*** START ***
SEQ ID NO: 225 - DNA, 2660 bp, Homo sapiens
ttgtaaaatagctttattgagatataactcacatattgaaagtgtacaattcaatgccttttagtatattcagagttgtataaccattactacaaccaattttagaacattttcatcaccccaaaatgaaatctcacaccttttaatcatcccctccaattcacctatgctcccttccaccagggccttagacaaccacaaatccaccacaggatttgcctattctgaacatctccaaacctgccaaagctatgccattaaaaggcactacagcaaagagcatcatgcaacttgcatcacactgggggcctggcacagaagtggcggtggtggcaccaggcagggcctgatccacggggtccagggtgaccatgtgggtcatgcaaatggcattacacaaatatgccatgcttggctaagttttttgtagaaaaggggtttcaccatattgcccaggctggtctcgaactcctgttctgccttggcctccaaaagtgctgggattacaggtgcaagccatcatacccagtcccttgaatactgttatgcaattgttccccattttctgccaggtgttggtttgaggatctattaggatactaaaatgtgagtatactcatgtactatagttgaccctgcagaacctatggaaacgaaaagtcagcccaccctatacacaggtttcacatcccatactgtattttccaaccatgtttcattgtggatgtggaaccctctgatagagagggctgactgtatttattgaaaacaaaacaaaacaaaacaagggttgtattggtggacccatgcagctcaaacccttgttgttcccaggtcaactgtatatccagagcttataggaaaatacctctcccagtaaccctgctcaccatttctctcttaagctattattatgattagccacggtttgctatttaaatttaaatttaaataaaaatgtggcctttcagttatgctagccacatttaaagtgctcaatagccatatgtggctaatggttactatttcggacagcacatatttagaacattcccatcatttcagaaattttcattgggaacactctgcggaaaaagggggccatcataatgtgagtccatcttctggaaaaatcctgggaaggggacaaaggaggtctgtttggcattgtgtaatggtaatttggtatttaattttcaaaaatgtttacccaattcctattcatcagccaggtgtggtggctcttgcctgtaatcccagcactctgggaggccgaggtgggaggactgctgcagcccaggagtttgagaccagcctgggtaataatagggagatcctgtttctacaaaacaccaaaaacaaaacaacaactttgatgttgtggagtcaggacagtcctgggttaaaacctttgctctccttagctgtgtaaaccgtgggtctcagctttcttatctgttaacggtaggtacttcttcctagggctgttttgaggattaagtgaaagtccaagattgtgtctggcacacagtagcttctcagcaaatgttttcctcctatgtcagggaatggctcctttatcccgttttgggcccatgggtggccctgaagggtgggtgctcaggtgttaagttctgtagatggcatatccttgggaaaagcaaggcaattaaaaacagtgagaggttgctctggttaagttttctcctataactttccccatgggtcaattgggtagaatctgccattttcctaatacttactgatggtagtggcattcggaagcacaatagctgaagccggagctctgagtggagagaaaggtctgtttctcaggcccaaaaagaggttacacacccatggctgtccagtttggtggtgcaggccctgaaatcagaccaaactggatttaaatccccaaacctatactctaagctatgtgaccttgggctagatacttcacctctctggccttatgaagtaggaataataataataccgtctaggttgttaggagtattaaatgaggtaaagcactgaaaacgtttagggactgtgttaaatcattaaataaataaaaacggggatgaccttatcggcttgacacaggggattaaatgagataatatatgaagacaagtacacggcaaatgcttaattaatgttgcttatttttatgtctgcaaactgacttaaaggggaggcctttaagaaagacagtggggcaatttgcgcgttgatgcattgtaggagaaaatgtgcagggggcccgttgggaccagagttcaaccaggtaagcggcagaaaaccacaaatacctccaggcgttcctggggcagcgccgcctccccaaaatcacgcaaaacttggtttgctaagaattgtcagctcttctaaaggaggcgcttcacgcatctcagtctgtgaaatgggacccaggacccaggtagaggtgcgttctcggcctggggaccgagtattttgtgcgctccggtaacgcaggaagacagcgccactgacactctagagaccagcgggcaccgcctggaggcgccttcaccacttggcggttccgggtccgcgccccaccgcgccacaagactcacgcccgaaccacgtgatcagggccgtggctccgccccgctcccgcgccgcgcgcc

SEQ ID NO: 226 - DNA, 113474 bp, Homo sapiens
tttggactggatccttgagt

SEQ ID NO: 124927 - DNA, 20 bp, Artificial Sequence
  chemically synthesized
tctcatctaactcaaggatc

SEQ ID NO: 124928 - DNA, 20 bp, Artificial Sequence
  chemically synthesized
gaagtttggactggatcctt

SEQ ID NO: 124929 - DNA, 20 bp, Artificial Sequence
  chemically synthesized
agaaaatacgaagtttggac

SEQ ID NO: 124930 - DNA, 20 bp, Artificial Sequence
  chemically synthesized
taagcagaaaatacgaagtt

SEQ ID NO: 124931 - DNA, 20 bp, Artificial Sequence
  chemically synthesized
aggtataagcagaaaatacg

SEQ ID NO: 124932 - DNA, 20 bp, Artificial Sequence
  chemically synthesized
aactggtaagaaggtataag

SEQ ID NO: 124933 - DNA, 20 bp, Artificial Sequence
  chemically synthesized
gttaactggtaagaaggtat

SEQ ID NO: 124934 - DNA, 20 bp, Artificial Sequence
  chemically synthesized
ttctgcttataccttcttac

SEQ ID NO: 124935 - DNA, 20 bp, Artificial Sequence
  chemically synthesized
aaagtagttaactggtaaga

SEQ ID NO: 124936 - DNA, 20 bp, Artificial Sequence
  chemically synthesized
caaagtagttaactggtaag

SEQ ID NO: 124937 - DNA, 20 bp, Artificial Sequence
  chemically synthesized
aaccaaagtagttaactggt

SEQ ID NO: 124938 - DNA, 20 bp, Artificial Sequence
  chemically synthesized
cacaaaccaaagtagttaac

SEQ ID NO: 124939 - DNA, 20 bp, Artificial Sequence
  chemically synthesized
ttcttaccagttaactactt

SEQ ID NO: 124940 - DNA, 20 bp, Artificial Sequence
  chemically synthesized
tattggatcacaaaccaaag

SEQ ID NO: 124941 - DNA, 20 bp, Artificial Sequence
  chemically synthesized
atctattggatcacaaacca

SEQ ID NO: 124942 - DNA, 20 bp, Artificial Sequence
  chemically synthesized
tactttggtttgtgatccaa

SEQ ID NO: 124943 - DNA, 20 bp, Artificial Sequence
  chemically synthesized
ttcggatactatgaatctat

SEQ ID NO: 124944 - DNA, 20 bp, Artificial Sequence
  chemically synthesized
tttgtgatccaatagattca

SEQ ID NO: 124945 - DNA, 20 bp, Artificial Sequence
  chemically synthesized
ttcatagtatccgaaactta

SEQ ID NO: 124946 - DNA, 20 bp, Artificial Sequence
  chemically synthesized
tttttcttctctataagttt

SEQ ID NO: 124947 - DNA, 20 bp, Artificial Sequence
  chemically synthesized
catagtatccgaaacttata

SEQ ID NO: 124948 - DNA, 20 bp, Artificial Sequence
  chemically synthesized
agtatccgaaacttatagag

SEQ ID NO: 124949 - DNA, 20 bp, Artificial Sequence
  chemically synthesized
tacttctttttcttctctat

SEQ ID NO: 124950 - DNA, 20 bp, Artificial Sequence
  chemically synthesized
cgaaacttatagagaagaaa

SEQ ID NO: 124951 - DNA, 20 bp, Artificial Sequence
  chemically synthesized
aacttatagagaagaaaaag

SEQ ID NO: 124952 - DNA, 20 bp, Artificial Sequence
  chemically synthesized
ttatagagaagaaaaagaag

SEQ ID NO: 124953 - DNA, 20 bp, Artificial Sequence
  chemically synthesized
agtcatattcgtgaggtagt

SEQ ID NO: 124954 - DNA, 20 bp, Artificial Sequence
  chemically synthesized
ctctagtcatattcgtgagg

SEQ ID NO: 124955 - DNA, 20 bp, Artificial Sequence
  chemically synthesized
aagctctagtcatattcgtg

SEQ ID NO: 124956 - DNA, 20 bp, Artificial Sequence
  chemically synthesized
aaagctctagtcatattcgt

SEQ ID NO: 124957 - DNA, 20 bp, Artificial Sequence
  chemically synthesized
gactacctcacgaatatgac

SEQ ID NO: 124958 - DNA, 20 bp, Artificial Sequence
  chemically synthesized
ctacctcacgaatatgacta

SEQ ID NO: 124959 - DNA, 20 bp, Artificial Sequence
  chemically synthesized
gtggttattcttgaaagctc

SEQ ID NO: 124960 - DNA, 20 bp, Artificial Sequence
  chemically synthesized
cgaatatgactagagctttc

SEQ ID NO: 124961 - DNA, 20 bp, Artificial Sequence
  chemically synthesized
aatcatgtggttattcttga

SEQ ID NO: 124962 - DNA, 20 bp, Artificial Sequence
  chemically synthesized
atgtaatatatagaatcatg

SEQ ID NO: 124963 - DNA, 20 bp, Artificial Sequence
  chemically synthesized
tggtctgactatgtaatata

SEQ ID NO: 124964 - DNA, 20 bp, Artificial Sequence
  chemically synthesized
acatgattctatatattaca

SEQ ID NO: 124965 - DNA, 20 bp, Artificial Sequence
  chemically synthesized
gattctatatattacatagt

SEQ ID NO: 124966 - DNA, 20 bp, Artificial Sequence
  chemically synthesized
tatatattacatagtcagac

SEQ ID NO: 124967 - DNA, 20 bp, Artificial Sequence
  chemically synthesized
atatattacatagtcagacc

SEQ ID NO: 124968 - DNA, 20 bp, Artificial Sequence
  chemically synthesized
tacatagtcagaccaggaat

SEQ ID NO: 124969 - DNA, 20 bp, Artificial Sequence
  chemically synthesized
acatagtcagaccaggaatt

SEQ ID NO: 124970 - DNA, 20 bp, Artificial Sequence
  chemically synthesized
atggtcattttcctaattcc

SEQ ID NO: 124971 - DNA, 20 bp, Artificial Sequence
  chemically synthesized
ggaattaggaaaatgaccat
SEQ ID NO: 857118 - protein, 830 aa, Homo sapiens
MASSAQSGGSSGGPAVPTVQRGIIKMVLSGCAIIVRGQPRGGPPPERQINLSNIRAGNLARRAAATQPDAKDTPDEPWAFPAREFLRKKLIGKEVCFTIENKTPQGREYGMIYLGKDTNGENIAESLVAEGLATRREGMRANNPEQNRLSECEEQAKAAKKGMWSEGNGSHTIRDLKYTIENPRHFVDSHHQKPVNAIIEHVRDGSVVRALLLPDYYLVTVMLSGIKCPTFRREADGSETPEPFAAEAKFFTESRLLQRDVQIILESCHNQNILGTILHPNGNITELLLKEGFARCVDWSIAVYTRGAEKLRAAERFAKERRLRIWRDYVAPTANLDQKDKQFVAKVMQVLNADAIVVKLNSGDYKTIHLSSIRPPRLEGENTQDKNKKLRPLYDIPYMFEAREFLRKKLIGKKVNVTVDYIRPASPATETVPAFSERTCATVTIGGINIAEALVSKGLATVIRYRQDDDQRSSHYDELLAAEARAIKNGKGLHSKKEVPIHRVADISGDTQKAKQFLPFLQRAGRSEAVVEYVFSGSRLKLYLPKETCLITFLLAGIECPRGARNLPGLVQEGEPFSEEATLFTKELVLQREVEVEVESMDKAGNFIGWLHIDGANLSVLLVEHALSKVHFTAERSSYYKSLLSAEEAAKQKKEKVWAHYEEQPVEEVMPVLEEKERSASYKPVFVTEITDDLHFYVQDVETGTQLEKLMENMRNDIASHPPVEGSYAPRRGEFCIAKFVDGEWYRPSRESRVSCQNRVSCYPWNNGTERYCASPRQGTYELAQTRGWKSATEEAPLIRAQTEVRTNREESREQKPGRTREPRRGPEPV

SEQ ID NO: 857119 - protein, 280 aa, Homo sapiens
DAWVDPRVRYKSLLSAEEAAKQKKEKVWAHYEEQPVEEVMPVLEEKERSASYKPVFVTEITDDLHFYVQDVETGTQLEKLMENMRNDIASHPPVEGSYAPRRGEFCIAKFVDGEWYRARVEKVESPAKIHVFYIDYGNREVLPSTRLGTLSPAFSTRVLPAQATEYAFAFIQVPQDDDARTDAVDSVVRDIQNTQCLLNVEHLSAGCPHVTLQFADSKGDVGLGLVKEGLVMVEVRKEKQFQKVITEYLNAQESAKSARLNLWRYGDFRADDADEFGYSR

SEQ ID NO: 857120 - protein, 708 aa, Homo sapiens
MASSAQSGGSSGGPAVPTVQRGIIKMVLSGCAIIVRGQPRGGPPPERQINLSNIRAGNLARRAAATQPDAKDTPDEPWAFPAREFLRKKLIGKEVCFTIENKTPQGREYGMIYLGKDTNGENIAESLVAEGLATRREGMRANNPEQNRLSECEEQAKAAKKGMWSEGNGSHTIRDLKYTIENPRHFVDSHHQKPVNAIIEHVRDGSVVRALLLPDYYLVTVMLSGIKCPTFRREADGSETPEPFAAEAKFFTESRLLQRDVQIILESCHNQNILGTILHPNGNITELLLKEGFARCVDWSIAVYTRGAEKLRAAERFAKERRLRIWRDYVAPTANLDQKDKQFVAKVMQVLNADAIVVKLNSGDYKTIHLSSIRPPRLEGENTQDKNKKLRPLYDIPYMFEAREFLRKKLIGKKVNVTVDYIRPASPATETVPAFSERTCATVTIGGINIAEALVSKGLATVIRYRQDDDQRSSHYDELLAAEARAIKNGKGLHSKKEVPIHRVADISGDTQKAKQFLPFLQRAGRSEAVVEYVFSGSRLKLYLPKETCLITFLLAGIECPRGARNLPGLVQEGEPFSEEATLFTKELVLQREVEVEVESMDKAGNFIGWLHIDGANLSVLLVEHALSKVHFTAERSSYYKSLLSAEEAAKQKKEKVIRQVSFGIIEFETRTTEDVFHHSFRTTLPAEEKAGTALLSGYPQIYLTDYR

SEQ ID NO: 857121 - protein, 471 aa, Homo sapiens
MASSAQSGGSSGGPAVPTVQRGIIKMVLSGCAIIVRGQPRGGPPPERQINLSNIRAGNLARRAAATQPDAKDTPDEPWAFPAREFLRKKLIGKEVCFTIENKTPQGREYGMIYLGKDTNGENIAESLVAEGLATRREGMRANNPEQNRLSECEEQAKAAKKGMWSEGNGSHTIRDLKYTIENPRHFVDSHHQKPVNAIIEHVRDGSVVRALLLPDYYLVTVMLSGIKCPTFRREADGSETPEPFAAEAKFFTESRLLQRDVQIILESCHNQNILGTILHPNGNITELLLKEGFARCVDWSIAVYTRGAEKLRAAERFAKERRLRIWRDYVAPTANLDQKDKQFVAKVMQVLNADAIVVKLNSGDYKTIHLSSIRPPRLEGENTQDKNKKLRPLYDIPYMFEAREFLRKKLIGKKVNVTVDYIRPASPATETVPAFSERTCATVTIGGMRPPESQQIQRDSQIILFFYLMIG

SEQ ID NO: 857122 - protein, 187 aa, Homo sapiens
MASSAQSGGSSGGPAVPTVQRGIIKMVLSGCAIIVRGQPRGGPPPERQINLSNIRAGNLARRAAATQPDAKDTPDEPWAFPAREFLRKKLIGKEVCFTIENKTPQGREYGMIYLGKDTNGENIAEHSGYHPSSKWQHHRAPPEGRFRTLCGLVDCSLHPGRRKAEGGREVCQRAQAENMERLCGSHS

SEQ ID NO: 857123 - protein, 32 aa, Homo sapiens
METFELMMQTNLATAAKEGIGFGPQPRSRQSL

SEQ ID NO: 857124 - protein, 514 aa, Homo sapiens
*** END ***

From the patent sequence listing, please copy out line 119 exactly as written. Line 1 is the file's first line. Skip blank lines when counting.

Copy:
SEQ ID NO: 124965 - DNA, 20 bp, Artificial Sequence